Towards a desistance-focused approach to probation supervision for people who have committed Intimate Partner Violence: A digital toolkit pilot study

AuthorSteven James Watson,Melissa Fuller,Andreea Antonia Raducu,Sarah Wylie,Jason Morris
Published date01 June 2021
Date01 June 2021
Subject MatterArticles
Towards a desistance-
focused approach to
probation supervision
for people who have
committed Intimate
Partner Violence: A digital
toolkit pilot study
Jason Morris
HM Prisons and Probation Service, UK
Andreea Antonia Raducu and Melissa Fuller
University of Newcastle, UK
Sarah Wylie
HM Prisons and Probation Service, UK
Steven James Watson
University of Twente, The Netherlands
We analyse practitioner and service user reflections on a digitally enabled toolkit
designed to enable desistance-focused conversations within routine probation
supervision of men with convictions for Intimate Partner Violence in England and
Wales. We explore how to embed inclusive therapeutic service provision within the
role of public sector National Probation Service practitioners through the testimony of
case managers (N ¼9) and people on probation (N ¼7). We discuss the strengths
Corresponding Author:
Jason Morris, HM Prison and Probation Service, Interventions Service, Southern House, London SW1H
9EX, UK.
Probation Journal
2021, Vol. 68(2) 261–281
ªThe Author(s) 2021
Article reuse guidelines:
DOI: 10.1177/02645505211002257
The Journal of Community and Criminal Justice
and challenges of the approach and its implementation. The findings are discussed in
the context of: the forthcoming Domestic Abuse Bill; the renationalisation of probation;
the recovery of probation services following the COVID-19 pandemic; and the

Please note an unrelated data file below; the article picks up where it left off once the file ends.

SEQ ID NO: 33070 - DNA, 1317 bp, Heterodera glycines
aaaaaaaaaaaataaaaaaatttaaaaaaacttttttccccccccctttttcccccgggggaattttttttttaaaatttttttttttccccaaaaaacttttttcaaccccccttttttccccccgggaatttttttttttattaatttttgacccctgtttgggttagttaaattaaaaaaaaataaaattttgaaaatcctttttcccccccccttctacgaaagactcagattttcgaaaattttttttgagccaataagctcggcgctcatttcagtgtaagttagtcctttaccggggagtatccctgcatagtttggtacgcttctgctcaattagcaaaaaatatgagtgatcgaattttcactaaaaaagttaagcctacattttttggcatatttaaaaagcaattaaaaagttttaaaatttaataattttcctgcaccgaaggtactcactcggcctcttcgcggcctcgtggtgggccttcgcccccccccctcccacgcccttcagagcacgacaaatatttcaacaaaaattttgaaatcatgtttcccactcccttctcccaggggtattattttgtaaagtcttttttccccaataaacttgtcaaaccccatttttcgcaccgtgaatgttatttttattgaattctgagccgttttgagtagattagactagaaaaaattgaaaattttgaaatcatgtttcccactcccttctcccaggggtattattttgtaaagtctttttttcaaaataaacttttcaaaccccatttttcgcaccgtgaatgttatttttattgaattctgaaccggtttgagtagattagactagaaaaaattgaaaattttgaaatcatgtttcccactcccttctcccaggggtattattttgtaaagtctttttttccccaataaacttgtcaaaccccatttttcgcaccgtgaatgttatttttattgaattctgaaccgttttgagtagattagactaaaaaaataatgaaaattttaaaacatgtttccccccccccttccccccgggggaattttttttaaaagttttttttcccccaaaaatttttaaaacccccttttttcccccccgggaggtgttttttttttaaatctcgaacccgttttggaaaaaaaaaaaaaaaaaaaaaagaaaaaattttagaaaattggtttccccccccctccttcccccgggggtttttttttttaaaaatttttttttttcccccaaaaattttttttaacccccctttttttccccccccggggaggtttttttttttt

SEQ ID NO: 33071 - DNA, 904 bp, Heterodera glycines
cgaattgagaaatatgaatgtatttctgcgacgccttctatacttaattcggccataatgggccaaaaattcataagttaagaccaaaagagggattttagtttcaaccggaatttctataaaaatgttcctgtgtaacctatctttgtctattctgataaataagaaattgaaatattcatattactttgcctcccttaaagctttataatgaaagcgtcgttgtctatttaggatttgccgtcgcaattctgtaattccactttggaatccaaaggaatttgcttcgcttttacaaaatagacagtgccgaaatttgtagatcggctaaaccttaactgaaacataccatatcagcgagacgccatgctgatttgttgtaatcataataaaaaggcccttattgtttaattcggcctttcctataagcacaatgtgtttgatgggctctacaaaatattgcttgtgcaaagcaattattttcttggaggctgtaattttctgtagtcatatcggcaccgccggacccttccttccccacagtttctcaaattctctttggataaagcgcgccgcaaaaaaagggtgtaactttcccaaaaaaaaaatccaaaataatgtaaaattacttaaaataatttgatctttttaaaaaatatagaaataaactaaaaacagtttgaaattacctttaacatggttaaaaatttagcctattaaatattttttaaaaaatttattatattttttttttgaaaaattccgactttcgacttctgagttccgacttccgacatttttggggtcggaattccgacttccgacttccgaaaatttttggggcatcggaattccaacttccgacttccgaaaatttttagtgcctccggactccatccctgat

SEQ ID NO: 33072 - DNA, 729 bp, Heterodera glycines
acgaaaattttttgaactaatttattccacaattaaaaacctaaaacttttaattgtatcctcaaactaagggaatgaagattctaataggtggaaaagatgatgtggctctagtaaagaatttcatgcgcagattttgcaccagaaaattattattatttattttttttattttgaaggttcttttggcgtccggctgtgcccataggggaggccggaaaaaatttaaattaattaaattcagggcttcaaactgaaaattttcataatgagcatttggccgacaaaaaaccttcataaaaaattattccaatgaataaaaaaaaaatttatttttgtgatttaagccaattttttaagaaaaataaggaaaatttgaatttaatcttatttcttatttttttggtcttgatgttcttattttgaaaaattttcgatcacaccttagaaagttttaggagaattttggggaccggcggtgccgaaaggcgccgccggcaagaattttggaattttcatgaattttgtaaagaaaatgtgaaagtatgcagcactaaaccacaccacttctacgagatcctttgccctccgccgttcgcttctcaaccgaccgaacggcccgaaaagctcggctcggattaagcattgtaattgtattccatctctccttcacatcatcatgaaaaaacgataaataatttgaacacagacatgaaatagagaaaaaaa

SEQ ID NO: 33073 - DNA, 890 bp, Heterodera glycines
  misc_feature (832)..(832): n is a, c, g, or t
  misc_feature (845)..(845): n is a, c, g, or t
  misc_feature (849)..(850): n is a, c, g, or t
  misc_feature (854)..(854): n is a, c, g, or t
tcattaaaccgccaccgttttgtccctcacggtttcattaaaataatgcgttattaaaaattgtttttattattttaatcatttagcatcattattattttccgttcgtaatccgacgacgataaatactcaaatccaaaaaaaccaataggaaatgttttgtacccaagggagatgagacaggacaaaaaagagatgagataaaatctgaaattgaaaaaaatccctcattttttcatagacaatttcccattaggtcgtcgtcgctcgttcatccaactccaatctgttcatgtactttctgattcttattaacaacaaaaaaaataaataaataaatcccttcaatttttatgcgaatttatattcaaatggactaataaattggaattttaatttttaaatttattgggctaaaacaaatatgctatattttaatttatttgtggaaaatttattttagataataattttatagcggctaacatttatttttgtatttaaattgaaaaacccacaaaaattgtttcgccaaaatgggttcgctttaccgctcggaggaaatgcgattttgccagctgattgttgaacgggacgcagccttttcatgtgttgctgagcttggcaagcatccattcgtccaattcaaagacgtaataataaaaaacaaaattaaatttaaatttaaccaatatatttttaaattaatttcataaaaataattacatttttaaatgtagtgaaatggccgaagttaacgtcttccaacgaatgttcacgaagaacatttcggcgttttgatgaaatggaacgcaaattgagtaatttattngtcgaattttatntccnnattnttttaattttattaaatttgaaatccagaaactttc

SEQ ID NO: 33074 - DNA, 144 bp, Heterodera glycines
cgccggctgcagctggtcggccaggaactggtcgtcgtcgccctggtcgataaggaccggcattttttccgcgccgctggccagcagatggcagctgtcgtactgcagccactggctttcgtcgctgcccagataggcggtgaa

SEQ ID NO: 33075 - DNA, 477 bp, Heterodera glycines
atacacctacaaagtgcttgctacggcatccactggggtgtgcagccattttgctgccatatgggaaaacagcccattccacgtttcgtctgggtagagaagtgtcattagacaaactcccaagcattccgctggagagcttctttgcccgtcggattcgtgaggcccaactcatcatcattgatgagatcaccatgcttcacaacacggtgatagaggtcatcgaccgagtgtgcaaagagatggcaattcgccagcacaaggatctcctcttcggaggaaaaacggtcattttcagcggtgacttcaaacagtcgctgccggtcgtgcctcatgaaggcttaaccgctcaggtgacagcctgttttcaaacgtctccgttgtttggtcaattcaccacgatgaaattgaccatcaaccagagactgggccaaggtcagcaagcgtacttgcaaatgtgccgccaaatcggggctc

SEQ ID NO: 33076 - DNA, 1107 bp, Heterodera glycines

emergence of technology that supports desistance.
intimate partner violence (IPV), digital media, probation, supervision, desistance-
focused practice
This article centres on Domestic Abuse as a public health concern of global sig-
nificance (WHO, 2005). We also w rite within the broader context of ‘Digital Justice’
and aim to align with Nellis’ (2017) assertion that the ‘design, rhetoric and imple-
mentation’ of digital applications in criminal justice should be open to scrutiny of the
wider academiccommunity. To this end,the current paper promotesan open learning
culture (a key strategicaim of HMPPS) through collaboration betweenmembers of that
community, service designers, practitioners and people on probation.
The Crime Survey for England and Wales (ONS, 2019) shows that in the year
ending March 2019, the police recorded 746,219 domestic abuse-related crimes
and made 214,965 arrests. In the same year, the Crown Prosecution Service (CPS)
charged 98,470 cases flagged as domestic abuse. With tens of thousands of
people entering the criminal justice system every year convicted of domestic abuse
offences, efforts to minimise reoffending remains a priority policy area in prisons
and probation settings. In this context the ‘What Works’ agenda (e.g., Lipsey and
Cullen, 2007) offers empirical research that supports the role of behaviour change
interventions in reducing Intimate Partner Violence (IPV) recidivism (e.g., Bloomfield
and Dixon, 2015). In keeping with research, policy frameworks have consistently
encouraged people who meet specific risk, need and responsivity criteria to par-
ticipate in interventions accredited by the Correctional Services Accreditation &
Advice Panel (CSAAP; see Maguire et al., 2010) such as the Building Better Rela-
tionships (BBR) programme. However, due to a range of factors (including pro-
gramme ineligibility) the vast majority of the criminal justice IPV cohort are unable to
complete an accredited programme (Gibbs, 2018).
Her Majesty’s Inspectorate of Probation (HMIP, 2018) review of services offered
by English and Welsh probation providers found an under-developed range of
specialist interventions with significant gaps in provision. HMIP also provided an
analysis of the availability and delivery of interventions in probation services and
called for more strategically designed interventions services that could support users
holistically through better integration between different interventions (HMIP, 2019).
Following the Domestic Abuse Bill consultation in 2018, Her Majesty’s Govern-
ment’s formal response provided a range of commitments to improve access to a
range of quality accredited and non-accredited interventions (HM Government,
2019). Notably, the Ministry of Justice made a commitment to testing the viability of
262 Probation Journal 68(2)

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